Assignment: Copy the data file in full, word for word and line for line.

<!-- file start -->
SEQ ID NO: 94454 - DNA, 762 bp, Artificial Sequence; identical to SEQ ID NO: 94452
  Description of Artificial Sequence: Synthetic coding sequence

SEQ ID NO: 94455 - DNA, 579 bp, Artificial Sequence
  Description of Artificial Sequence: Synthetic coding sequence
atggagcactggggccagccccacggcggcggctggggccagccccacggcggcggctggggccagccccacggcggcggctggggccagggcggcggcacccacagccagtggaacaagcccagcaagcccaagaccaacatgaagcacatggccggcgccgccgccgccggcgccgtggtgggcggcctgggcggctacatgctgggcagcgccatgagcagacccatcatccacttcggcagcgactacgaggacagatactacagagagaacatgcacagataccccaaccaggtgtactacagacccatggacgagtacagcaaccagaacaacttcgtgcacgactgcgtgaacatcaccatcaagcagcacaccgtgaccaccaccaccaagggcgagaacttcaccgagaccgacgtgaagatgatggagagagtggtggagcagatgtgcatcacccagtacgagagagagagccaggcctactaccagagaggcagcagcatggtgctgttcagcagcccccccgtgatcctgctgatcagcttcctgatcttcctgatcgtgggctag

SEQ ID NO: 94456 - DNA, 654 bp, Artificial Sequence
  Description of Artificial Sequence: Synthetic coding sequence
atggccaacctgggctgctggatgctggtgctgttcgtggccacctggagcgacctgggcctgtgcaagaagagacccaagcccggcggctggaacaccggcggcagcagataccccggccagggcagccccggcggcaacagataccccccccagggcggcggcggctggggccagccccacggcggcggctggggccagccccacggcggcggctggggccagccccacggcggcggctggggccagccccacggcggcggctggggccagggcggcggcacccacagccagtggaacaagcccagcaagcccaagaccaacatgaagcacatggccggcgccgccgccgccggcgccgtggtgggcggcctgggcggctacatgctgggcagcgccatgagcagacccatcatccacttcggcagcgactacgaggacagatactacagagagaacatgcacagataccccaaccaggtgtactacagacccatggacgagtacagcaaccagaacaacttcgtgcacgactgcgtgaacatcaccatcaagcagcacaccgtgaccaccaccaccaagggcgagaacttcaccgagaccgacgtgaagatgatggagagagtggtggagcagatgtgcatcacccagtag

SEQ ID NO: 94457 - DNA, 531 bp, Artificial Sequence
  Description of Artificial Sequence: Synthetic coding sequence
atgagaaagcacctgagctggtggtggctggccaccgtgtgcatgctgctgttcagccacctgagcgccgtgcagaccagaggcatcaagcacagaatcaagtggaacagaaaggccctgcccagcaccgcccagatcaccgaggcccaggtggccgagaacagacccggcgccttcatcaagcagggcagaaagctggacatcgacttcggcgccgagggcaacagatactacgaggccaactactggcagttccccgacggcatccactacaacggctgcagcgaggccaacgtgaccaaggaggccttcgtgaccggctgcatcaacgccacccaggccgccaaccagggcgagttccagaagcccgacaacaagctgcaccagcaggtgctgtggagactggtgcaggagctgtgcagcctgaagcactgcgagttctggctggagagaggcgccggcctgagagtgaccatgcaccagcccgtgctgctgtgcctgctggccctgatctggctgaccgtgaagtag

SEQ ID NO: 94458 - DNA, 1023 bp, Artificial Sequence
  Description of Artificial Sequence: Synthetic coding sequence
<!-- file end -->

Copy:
SEQ ID NO: 94454 - DNA, 762 bp, Artificial Sequence; identical to SEQ ID NO: 94452
  Description of Artificial Sequence: Synthetic coding sequence

SEQ ID NO: 94455 - DNA, 579 bp, Artificial Sequence
  Description of Artificial Sequence: Synthetic coding sequence
atggagcactggggccagccccacggcggcggctggggccagccccacggcggcggctggggccagccccacggcggcggctggggccagggcggcggcacccacagccagtggaacaagcccagcaagcccaagaccaacatgaagcacatggccggcgccgccgccgccggcgccgtggtgggcggcctgggcggctacatgctgggcagcgccatgagcagacccatcatccacttcggcagcgactacgaggacagatactacagagagaacatgcacagataccccaaccaggtgtactacagacccatggacgagtacagcaaccagaacaacttcgtgcacgactgcgtgaacatcaccatcaagcagcacaccgtgaccaccaccaccaagggcgagaacttcaccgagaccgacgtgaagatgatggagagagtggtggagcagatgtgcatcacccagtacgagagagagagccaggcctactaccagagaggcagcagcatggtgctgttcagcagcccccccgtgatcctgctgatcagcttcctgatcttcctgatcgtgggctag

SEQ ID NO: 94456 - DNA, 654 bp, Artificial Sequence
  Description of Artificial Sequence: Synthetic coding sequence
atggccaacctgggctgctggatgctggtgctgttcgtggccacctggagcgacctgggcctgtgcaagaagagacccaagcccggcggctggaacaccggcggcagcagataccccggccagggcagccccggcggcaacagataccccccccagggcggcggcggctggggccagccccacggcggcggctggggccagccccacggcggcggctggggccagccccacggcggcggctggggccagccccacggcggcggctggggccagggcggcggcacccacagccagtggaacaagcccagcaagcccaagaccaacatgaagcacatggccggcgccgccgccgccggcgccgtggtgggcggcctgggcggctacatgctgggcagcgccatgagcagacccatcatccacttcggcagcgactacgaggacagatactacagagagaacatgcacagataccccaaccaggtgtactacagacccatggacgagtacagcaaccagaacaacttcgtgcacgactgcgtgaacatcaccatcaagcagcacaccgtgaccaccaccaccaagggcgagaacttcaccgagaccgacgtgaagatgatggagagagtggtggagcagatgtgcatcacccagtag

SEQ ID NO: 94457 - DNA, 531 bp, Artificial Sequence
  Description of Artificial Sequence: Synthetic coding sequence
atgagaaagcacctgagctggtggtggctggccaccgtgtgcatgctgctgttcagccacctgagcgccgtgcagaccagaggcatcaagcacagaatcaagtggaacagaaaggccctgcccagcaccgcccagatcaccgaggcccaggtggccgagaacagacccggcgccttcatcaagcagggcagaaagctggacatcgacttcggcgccgagggcaacagatactacgaggccaactactggcagttccccgacggcatccactacaacggctgcagcgaggccaacgtgaccaaggaggccttcgtgaccggctgcatcaacgccacccaggccgccaaccagggcgagttccagaagcccgacaacaagctgcaccagcaggtgctgtggagactggtgcaggagctgtgcagcctgaagcactgcgagttctggctggagagaggcgccggcctgagagtgaccatgcaccagcccgtgctgctgtgcctgctggccctgatctggctgaccgtgaagtag

SEQ ID NO: 94458 - DNA, 1023 bp, Artificial Sequence
  Description of Artificial Sequence: Synthetic coding sequence